Resource Adequacy and Beyond: Increasing Grid Reliability in California with Energy Storage
Improving Grid Reliability in California with Battery Energy Storage
Earlier this month, Convergent announced that the two storage systems we financed and developed in Orange County, California are now operational and providing resource adequacy to Southern California Edison (SCE), an investor-owned utility. Again, this improves grid reliability and renewables integration.
Convergent will operate and maintain the 9 MW / 36 MWh and 6 MW / 24MWh Lithium-Ion battery energy storage systems at one SCE’s substations using our energy storage intelligence, PEAK IQ®, to strategically dispatch the battery systems at critical times.
The battery storage systems address one of the challenges facing California’s grid: the distance between where most of the energy is produced versus where it is consumed—in this case, the Los Angeles basin. Energy storage, the linchpin of the clean energy transition, is critical to helping California reach its ambitious renewable energy goal of net-zero electricity emissions by 2045.
California in particular is concerned with maintaining resource adequacy—or the ability of a utility’s supply to meet customer demand. The state’s Resource Adequacy program is built to ensure the safe and reliable operation of the grid in real-time in order to provide resources where needed while also incentivizing the construction of new resources for future grid reliability.
By bringing these energy storage systems to high-use areas, utilities like Southern California Edison (SCE) are able to use existing transmission and distribution systems more effectively, placing renewable energy closer to residents while also improving grid reliability.
Click to read the press release.
Why Energy Storage is the “Swiss Army knife” of Grid Solutions
Energy storage technology offers a “Swiss Army knife” of solutions for the aging electricity grid and is an important tool for utilities to continue delivering reliable energy to customers and ensure resource adequacy.
Energy storage is a kind of magic: you can charge an energy storage system when there is an excess of renewable energy generation (i.e. solar power) that would typically get lost. Energy storage allows you to later dispatch that same stored energy when demand is highest, whether or not the sun is shining. Solar energy follows a “duck curve,” which refers to the daily mismatch between the hours of peak solar production and when consumers want to use that energy. Charging an energy storage system during these peak solar hours (often around Noon) and then dispatching the system when the sun goes down and demand is often at its highest, helps solve a capacity problem for the grid and improves reliability.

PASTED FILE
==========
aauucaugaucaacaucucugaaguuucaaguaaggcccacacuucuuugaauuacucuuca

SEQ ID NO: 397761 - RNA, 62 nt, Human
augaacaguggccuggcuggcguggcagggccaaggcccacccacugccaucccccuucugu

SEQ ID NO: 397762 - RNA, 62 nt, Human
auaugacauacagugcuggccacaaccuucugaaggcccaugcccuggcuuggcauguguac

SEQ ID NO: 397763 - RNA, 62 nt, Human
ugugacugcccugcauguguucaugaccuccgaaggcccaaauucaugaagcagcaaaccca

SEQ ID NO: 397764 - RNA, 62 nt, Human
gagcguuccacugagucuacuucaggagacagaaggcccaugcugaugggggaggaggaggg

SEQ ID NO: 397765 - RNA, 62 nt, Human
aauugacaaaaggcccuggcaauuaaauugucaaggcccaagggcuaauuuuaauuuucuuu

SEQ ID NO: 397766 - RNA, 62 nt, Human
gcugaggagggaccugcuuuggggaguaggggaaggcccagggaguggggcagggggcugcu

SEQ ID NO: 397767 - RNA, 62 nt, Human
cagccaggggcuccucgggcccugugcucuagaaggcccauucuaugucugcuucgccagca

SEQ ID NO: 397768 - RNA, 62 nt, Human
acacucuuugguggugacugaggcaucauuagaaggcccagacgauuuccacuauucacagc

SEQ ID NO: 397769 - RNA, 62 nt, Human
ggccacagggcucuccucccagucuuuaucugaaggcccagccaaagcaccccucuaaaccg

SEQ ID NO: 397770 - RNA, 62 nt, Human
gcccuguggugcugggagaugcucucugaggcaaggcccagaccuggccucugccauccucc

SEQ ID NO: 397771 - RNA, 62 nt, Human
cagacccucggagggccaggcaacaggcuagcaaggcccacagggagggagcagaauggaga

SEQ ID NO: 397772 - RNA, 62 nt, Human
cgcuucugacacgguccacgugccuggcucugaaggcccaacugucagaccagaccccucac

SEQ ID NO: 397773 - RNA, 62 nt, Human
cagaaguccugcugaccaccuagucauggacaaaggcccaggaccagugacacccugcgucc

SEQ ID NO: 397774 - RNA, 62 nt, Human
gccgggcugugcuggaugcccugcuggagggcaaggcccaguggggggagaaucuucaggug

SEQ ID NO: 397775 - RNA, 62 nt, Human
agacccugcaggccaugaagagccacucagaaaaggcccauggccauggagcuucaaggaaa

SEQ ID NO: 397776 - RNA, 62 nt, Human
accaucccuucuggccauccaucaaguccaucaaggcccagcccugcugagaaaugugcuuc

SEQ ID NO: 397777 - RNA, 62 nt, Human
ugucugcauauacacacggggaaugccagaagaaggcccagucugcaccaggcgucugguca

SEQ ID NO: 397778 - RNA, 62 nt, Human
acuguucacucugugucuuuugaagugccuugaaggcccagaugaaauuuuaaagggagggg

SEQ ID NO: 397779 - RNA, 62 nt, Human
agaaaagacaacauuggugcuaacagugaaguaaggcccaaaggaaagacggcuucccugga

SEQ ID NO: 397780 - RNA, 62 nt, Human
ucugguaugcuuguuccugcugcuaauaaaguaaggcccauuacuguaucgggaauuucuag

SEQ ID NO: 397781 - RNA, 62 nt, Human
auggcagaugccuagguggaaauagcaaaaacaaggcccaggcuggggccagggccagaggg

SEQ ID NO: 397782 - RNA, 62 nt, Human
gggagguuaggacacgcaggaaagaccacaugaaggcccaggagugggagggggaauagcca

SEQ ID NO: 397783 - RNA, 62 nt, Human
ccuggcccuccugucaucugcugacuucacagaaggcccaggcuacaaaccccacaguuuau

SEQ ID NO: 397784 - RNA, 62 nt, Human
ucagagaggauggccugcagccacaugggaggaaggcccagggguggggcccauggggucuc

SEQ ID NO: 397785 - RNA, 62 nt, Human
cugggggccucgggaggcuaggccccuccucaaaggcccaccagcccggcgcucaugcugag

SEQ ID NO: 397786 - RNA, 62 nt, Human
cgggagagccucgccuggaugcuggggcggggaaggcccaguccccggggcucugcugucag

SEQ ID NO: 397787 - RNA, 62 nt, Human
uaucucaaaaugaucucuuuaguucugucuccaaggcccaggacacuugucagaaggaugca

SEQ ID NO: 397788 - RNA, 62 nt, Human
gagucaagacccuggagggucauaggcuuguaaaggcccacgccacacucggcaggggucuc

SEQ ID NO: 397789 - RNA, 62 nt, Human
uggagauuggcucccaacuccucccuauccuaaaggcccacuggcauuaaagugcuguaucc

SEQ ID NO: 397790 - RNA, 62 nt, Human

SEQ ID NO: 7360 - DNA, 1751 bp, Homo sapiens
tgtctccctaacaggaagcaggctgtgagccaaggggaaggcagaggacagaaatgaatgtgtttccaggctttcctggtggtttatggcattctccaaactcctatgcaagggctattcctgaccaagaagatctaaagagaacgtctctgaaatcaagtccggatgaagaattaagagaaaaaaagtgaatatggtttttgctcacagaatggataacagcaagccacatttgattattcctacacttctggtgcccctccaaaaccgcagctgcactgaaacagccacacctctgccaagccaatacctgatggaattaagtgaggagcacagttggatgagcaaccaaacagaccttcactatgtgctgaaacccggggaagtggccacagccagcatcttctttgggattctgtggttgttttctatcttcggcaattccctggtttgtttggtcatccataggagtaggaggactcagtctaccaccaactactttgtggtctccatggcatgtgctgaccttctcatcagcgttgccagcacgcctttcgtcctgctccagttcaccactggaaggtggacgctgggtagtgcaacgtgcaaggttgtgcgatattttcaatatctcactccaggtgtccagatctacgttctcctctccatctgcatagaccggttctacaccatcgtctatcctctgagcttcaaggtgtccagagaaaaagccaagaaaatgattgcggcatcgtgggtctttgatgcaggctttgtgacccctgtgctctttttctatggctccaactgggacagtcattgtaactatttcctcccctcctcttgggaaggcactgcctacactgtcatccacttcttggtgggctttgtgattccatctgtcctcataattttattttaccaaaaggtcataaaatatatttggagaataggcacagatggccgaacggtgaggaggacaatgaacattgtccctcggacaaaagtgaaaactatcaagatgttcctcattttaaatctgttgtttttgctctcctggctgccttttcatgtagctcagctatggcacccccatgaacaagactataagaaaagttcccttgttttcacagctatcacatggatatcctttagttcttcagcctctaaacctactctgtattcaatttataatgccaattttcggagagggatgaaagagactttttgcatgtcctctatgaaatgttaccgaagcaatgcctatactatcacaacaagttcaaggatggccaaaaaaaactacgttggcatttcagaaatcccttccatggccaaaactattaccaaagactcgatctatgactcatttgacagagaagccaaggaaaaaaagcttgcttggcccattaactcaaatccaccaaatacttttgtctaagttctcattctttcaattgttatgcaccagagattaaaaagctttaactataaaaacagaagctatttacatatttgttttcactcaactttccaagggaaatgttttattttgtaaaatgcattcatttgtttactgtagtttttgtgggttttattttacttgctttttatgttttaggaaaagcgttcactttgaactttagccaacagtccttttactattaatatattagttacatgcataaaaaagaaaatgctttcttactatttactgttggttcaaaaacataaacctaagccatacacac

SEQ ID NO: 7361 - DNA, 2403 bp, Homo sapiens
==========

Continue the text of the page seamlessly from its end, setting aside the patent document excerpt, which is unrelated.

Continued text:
Beyond Resource Adequacy: Additional Applications for Energy Storage Systems
An energy storage system has the ability to provide other critical services such as the regulation of the grid’s frequency. You can think of these assets as a kind of pacemaker for the grid’s heartbeat, providing additional support during periods of strain.
Intelligently dispatched energy storage systems can also avoid placing additional strain on existing infrastructure. Placing a battery storage system up to hundreds of miles from a renewable energy source allows utilities to use the existing power transmission assets during times when they are less heavily relied on and then provide power locally when needed, maximizing the existing transmission capacity. A win for both residents and utilities, which are tasked with providing reliable energy. This specific strategy is called “wire avoidance,” and alleviates unnecessary stress on infrastructure to avoid the need for new transmission updates.
Additional applications for energy storage include reducing the costs that utilities or businesses pay for electricity or deferring infrastructure upgrades. Last but not least, we’ve seen that reliable battery energy storage systems have the potential to increase resiliency for the grid in the event of system brownouts caused by wildfires, an issue that is acutely felt in California.
Is Energy Storage Right for Your Organization?
The energy storage sector is growing rapidly to meet our increasing needs on an aging electricity grid.
If you are a utility looking to solve grid challenges or lower your wholesale energy costs, or a business looking to reduce costs or reduce your carbon footprint, please contact us to learn more.